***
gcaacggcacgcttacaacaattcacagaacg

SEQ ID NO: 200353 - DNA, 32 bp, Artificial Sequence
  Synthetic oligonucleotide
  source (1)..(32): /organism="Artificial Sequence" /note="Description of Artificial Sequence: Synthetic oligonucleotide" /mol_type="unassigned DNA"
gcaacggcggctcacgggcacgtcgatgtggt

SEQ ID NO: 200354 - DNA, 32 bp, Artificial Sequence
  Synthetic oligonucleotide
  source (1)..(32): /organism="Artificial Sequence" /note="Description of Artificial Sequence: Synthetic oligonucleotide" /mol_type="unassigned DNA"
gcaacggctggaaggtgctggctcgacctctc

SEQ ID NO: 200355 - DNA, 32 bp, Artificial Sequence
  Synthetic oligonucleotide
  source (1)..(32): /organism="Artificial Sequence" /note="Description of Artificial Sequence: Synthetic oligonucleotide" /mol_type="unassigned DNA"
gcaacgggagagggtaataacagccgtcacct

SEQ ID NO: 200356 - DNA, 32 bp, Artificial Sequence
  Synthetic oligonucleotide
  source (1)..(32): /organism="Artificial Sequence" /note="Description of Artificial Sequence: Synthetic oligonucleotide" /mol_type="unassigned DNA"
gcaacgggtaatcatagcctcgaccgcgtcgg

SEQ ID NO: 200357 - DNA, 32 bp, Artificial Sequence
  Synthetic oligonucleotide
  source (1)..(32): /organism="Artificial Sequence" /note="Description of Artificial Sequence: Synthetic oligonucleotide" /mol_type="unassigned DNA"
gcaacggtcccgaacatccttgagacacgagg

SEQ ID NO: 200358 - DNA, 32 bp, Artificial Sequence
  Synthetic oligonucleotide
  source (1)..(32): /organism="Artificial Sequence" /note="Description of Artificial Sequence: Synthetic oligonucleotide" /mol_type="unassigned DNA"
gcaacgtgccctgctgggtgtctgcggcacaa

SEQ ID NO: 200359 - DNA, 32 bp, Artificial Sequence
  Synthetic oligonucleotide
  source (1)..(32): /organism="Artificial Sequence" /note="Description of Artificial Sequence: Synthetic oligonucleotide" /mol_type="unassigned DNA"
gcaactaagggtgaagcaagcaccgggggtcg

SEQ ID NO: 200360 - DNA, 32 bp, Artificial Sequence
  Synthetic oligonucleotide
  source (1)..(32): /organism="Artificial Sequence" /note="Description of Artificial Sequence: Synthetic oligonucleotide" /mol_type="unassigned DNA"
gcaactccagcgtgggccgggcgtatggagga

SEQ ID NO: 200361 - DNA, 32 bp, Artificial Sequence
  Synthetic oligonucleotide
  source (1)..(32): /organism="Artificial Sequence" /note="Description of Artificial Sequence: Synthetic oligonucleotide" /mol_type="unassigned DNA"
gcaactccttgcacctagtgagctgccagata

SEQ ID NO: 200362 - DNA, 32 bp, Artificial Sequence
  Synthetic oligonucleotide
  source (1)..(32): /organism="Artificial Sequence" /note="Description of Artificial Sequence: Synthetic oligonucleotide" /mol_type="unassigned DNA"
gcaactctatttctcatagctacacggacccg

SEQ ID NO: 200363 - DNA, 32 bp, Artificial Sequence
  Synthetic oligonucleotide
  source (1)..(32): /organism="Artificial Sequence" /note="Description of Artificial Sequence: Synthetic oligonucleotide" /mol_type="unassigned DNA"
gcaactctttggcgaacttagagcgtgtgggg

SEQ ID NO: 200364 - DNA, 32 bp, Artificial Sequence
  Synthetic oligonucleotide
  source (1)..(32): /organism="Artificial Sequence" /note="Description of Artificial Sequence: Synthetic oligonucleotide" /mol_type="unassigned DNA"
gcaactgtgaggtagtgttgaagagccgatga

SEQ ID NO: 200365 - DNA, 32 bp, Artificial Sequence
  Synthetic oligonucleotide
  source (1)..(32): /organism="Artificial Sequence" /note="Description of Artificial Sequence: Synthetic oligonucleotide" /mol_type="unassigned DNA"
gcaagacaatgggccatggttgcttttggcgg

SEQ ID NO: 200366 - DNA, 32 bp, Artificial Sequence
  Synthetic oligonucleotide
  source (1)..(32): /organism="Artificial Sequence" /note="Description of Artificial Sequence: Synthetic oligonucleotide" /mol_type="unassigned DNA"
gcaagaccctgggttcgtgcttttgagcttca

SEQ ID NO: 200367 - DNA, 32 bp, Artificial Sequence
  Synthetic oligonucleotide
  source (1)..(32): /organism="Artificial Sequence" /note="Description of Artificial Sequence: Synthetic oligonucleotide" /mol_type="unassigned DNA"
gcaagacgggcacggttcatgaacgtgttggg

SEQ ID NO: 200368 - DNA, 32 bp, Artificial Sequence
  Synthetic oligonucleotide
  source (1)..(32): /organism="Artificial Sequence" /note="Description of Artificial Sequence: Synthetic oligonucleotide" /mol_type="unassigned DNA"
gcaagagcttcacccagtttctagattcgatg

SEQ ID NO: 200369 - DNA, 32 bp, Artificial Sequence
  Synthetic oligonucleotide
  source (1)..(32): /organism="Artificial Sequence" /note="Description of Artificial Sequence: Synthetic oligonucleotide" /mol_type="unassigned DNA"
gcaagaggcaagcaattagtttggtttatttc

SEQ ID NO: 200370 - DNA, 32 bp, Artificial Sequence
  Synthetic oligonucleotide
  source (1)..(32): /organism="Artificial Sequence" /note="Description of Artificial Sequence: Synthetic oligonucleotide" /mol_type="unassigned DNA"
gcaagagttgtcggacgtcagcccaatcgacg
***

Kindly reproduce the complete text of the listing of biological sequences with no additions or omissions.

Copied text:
gcaacggcacgcttacaacaattcacagaacg

SEQ ID NO: 200353 - DNA, 32 bp, Artificial Sequence
  Synthetic oligonucleotide
  source (1)..(32): /organism="Artificial Sequence" /note="Description of Artificial Sequence: Synthetic oligonucleotide" /mol_type="unassigned DNA"
gcaacggcggctcacgggcacgtcgatgtggt

SEQ ID NO: 200354 - DNA, 32 bp, Artificial Sequence
  Synthetic oligonucleotide
  source (1)..(32): /organism="Artificial Sequence" /note="Description of Artificial Sequence: Synthetic oligonucleotide" /mol_type="unassigned DNA"
gcaacggctggaaggtgctggctcgacctctc

SEQ ID NO: 200355 - DNA, 32 bp, Artificial Sequence
  Synthetic oligonucleotide
  source (1)..(32): /organism="Artificial Sequence" /note="Description of Artificial Sequence: Synthetic oligonucleotide" /mol_type="unassigned DNA"
gcaacgggagagggtaataacagccgtcacct

SEQ ID NO: 200356 - DNA, 32 bp, Artificial Sequence
  Synthetic oligonucleotide
  source (1)..(32): /organism="Artificial Sequence" /note="Description of Artificial Sequence: Synthetic oligonucleotide" /mol_type="unassigned DNA"
gcaacgggtaatcatagcctcgaccgcgtcgg

SEQ ID NO: 200357 - DNA, 32 bp, Artificial Sequence
  Synthetic oligonucleotide
  source (1)..(32): /organism="Artificial Sequence" /note="Description of Artificial Sequence: Synthetic oligonucleotide" /mol_type="unassigned DNA"
gcaacggtcccgaacatccttgagacacgagg

SEQ ID NO: 200358 - DNA, 32 bp, Artificial Sequence
  Synthetic oligonucleotide
  source (1)..(32): /organism="Artificial Sequence" /note="Description of Artificial Sequence: Synthetic oligonucleotide" /mol_type="unassigned DNA"
gcaacgtgccctgctgggtgtctgcggcacaa

SEQ ID NO: 200359 - DNA, 32 bp, Artificial Sequence
  Synthetic oligonucleotide
  source (1)..(32): /organism="Artificial Sequence" /note="Description of Artificial Sequence: Synthetic oligonucleotide" /mol_type="unassigned DNA"
gcaactaagggtgaagcaagcaccgggggtcg

SEQ ID NO: 200360 - DNA, 32 bp, Artificial Sequence
  Synthetic oligonucleotide
  source (1)..(32): /organism="Artificial Sequence" /note="Description of Artificial Sequence: Synthetic oligonucleotide" /mol_type="unassigned DNA"
gcaactccagcgtgggccgggcgtatggagga

SEQ ID NO: 200361 - DNA, 32 bp, Artificial Sequence
  Synthetic oligonucleotide
  source (1)..(32): /organism="Artificial Sequence" /note="Description of Artificial Sequence: Synthetic oligonucleotide" /mol_type="unassigned DNA"
gcaactccttgcacctagtgagctgccagata

SEQ ID NO: 200362 - DNA, 32 bp, Artificial Sequence
  Synthetic oligonucleotide
  source (1)..(32): /organism="Artificial Sequence" /note="Description of Artificial Sequence: Synthetic oligonucleotide" /mol_type="unassigned DNA"
gcaactctatttctcatagctacacggacccg

SEQ ID NO: 200363 - DNA, 32 bp, Artificial Sequence
  Synthetic oligonucleotide
  source (1)..(32): /organism="Artificial Sequence" /note="Description of Artificial Sequence: Synthetic oligonucleotide" /mol_type="unassigned DNA"
gcaactctttggcgaacttagagcgtgtgggg

SEQ ID NO: 200364 - DNA, 32 bp, Artificial Sequence
  Synthetic oligonucleotide
  source (1)..(32): /organism="Artificial Sequence" /note="Description of Artificial Sequence: Synthetic oligonucleotide" /mol_type="unassigned DNA"
gcaactgtgaggtagtgttgaagagccgatga

SEQ ID NO: 200365 - DNA, 32 bp, Artificial Sequence
  Synthetic oligonucleotide
  source (1)..(32): /organism="Artificial Sequence" /note="Description of Artificial Sequence: Synthetic oligonucleotide" /mol_type="unassigned DNA"
gcaagacaatgggccatggttgcttttggcgg

SEQ ID NO: 200366 - DNA, 32 bp, Artificial Sequence
  Synthetic oligonucleotide
  source (1)..(32): /organism="Artificial Sequence" /note="Description of Artificial Sequence: Synthetic oligonucleotide" /mol_type="unassigned DNA"
gcaagaccctgggttcgtgcttttgagcttca

SEQ ID NO: 200367 - DNA, 32 bp, Artificial Sequence
  Synthetic oligonucleotide
  source (1)..(32): /organism="Artificial Sequence" /note="Description of Artificial Sequence: Synthetic oligonucleotide" /mol_type="unassigned DNA"
gcaagacgggcacggttcatgaacgtgttggg

SEQ ID NO: 200368 - DNA, 32 bp, Artificial Sequence
  Synthetic oligonucleotide
  source (1)..(32): /organism="Artificial Sequence" /note="Description of Artificial Sequence: Synthetic oligonucleotide" /mol_type="unassigned DNA"
gcaagagcttcacccagtttctagattcgatg

SEQ ID NO: 200369 - DNA, 32 bp, Artificial Sequence
  Synthetic oligonucleotide
  source (1)..(32): /organism="Artificial Sequence" /note="Description of Artificial Sequence: Synthetic oligonucleotide" /mol_type="unassigned DNA"
gcaagaggcaagcaattagtttggtttatttc

SEQ ID NO: 200370 - DNA, 32 bp, Artificial Sequence
  Synthetic oligonucleotide
  source (1)..(32): /organism="Artificial Sequence" /note="Description of Artificial Sequence: Synthetic oligonucleotide" /mol_type="unassigned DNA"
gcaagagttgtcggacgtcagcccaatcgacg